My excitement at the first Christmas with my grandchild overrode my common sense. As I busily decorated, my husband asked, "Don't you think you need to leave some of that in the boxes?" Arrogant and impatient, I answered snippily, "Why would I want to do that?" As if on cue, the expected answer, "Elizabeth is only 18 months old; you can't expect her to leave the decorations alone."
What? Of course I expected her to leave the decorations alone. Hadn't ours learned to leave them alone? Visions danced through my head of a perfect little grandchild, much like her mother and uncle had been, who would mind, respect and leave the Christmas decorations alone.
Little did I know this doll-like, angelic, less than 2 foot, blue-eyed little person would have her Nana's number. Big time!
"No! Elizabeth, " I exclaimed, as I rushed behind her taking Christmas odds and ends out of her little hands. Lord, I thought, not for the first time, did her mother have this much energy when she was 18 months old? Realizing it was Nana who didn't have the same energy, I patiently explained the rules in Nana's house. Do not touch the Christmas decorations.
To say I enjoyed this Christmas would be a tiny lie. Oh, I loved having my children home. My son had been away teaching, and my daughter had lived out-of-state since her marriage. The house brimmed with laughter and love, the recapturing of memories, the creation of new ones, one of which was Elizabeth, Nana, and the Christmas decorations.
On several occasions, I caught my husband laughing at me. Not grinning-- laughing. In our house, everyone knew, Christmas decorations were to look at, not touch, push, drag, or slide. Even friends knew this instinctively most likely from the gasps of breath if a hand went toward a particularly breakable piece. Did it really matter? Why now, after so many successful Christmas seasons, was my obsession going to hell in a hand basket--or, perhaps better stated, to the floor with a swoop of an 18-month-old hand?
To cover my impatience, I cajoled. . .I bribed. . .okay, yes. . .I took Elizabeth to Walmart to buy her own decorations. Nothing worked. The beautiful setting around my "big people" nativity scene became disintegrated when bright red connected beads were jerked off. Baby Jesus scooted to the very edge of the table, precariously hovering on the brink of disaster. The wise men had fallen back into the cotton snow so artfully patterned between them. Their unstable positions were no less dubious than mine. The beads had been placed precisely, so the appealing motif captured minds while viewing my work of art. The beads did look pretty around Elizabeth's little neck, though.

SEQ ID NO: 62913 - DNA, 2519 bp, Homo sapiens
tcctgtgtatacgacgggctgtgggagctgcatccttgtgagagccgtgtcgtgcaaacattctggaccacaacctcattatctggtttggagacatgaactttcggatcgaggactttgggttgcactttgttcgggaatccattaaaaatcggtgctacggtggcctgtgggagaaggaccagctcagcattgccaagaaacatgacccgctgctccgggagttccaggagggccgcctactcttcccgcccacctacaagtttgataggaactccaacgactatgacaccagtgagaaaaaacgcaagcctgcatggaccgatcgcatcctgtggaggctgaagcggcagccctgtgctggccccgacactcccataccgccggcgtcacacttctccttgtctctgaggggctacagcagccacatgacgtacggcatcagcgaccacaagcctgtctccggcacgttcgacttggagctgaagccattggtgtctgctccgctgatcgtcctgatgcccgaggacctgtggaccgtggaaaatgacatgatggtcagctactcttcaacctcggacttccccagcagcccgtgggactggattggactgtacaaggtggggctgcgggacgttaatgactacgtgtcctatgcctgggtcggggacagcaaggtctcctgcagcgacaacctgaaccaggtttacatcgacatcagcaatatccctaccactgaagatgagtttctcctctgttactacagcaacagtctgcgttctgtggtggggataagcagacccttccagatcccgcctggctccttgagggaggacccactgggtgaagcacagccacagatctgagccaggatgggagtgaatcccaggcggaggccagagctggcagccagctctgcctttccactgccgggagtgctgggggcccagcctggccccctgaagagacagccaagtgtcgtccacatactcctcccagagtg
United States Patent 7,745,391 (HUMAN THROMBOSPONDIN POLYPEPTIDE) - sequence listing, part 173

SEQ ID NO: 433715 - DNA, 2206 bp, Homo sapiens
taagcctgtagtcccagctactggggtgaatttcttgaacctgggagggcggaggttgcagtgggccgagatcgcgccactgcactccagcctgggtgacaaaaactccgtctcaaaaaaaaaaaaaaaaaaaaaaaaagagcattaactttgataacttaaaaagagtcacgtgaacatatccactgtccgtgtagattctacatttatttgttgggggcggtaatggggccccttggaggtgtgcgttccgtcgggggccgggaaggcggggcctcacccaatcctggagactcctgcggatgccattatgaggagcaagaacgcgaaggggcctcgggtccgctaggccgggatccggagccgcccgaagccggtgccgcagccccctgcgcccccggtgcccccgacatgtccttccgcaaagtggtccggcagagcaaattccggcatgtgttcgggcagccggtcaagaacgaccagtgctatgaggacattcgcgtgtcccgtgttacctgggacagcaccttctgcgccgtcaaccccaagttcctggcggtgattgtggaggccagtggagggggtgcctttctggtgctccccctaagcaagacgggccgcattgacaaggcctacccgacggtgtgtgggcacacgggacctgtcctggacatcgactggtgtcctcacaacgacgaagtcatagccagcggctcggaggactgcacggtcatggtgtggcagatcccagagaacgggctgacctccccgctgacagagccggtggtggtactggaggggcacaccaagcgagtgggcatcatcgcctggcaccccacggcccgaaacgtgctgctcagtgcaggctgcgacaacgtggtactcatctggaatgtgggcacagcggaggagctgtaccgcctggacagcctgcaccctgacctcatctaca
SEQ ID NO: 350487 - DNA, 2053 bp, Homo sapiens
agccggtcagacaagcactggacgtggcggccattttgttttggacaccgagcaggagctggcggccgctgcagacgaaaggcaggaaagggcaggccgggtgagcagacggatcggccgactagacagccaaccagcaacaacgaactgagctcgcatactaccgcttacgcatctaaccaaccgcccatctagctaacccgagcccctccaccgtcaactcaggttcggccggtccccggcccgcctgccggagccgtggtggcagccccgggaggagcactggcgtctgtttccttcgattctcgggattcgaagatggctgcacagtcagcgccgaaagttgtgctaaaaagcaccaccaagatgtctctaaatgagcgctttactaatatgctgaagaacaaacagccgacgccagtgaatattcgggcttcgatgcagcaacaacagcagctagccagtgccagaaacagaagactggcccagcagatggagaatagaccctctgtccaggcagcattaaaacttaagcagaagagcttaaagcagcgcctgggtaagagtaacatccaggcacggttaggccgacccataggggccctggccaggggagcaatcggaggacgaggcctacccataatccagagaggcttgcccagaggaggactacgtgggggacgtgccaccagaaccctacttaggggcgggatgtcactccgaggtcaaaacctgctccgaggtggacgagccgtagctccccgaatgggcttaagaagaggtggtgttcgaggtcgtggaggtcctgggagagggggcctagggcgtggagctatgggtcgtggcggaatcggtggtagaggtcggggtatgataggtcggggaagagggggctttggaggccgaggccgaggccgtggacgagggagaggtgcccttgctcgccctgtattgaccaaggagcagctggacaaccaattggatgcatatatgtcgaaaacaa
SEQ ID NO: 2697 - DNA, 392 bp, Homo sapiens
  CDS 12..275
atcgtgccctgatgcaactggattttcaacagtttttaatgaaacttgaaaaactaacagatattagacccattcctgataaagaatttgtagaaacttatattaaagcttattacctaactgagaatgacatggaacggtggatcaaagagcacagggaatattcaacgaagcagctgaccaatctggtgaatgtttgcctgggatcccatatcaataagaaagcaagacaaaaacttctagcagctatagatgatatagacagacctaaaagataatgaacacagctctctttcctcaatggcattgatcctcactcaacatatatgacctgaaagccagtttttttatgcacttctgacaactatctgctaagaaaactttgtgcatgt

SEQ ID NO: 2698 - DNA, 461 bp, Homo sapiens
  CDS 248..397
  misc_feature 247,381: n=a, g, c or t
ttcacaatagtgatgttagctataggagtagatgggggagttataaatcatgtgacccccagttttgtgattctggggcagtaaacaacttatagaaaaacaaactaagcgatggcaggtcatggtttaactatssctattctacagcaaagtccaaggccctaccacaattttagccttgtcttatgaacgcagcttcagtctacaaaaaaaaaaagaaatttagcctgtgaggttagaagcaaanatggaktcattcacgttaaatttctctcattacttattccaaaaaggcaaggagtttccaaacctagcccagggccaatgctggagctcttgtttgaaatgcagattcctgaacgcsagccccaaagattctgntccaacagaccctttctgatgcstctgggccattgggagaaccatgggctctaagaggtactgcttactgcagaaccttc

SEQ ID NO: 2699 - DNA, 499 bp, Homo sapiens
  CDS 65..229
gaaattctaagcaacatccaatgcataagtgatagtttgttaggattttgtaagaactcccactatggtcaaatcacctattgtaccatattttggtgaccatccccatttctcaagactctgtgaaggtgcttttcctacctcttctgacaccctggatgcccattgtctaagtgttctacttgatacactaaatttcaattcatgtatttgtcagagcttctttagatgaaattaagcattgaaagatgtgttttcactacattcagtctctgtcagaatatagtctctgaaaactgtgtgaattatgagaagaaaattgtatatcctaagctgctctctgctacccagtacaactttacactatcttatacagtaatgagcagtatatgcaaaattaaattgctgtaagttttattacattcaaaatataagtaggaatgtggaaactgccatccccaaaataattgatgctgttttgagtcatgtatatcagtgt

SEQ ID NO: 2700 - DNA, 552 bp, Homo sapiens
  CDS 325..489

It became apparent to me Elizabeth was enamored with the "little people" nativity scene, a child's rendition of the birth of Jesus. Eye level to my little angel, she would stand in awe, putting her chubby little index finger on the crib, saying "Dis iz Bebby Desuz, and diz is de mommie, and diz iz de daddy." Maybe it was a mistake to clap our hands in joy because this child appeared to be the smartest child known to
date. I watched in amazement each time we went through this routine, the wise men were ignored. Patiently, I explained about the wise men and how they were led by a star to the Baby Jesus, but Elizabeth's attention span ran to play with the doggie.
Feeling somewhat sure my decorations were finally safe, I settled in to enjoy the holiday only to hear Elizabeth and Freckles, our border collie, running up and down the hallway. Elizabeth shrieked and Freckles barked. During one of the minute run-by's, I saw "little people" wise men tightly ensconced in tiny little fingers. Not knowing I could get out of a rocker so quickly, I ran and rescued the wise men, telling Elizabeth one more time to play with her decorations, not Nana's.
Time flew so quickly, with just hours away from airport delivery. Something caught my eye--Elizabeth standing in the archway to the living room holding the "little people" wise men in her hands. As she raised them high into the air to show her prizes to Nana with hope she could get by with having them, heads clicked together. Wise men's heads toppled in unison to the floor.
Elizabeth's eyes widened. My eyes widened. In the split second we stared at each other, so many thoughts raced, wrecked, and healed within my heart. Tears welled in her eyes as I walked and kneeled beside her. In her fear, and with a child's limited understanding, she placed the bodies in my hands and spoke her name the best she could, "Bibbabeth boke. I sawwy, Nana."
I laid the bodies down in the middle of heads gone askew. I hugged her tiny body close to mine and as those chubby arms circled my neck, I knew I had to teach this little one in a different way than I had my own. After all, I only had her at short intervals.
We gathered bodies and heads and took them to the dining room table. I sat her on the table, and with glue in hand, we put the wise men back together again--all the while, Nana explaining to Elizabeth the valuable lesson learned this Christmas. I felt good about what I had learned. Material things, even the destruction and repair of the precious wise men, were not worth the loss of love and happiness that flowed throughout our home. I somehow knew Elizabeth learned something.
Looking up, I saw glue in her baby-fine blonde hair and across her new Christmas dress. Her index finger balanced a big dollop delicately on the edge; blue eyes mesmerized by the wondering look of “I'll bet this would really taste good." I sighed as I smiled and touched my hand to her cheek. Her eyes moved to mine, bestowing the most beautiful, unconditional loving smile.
My tears finally came. I silently thanked God for this lovely child, the true meaning of Christmas. . .and washable glue.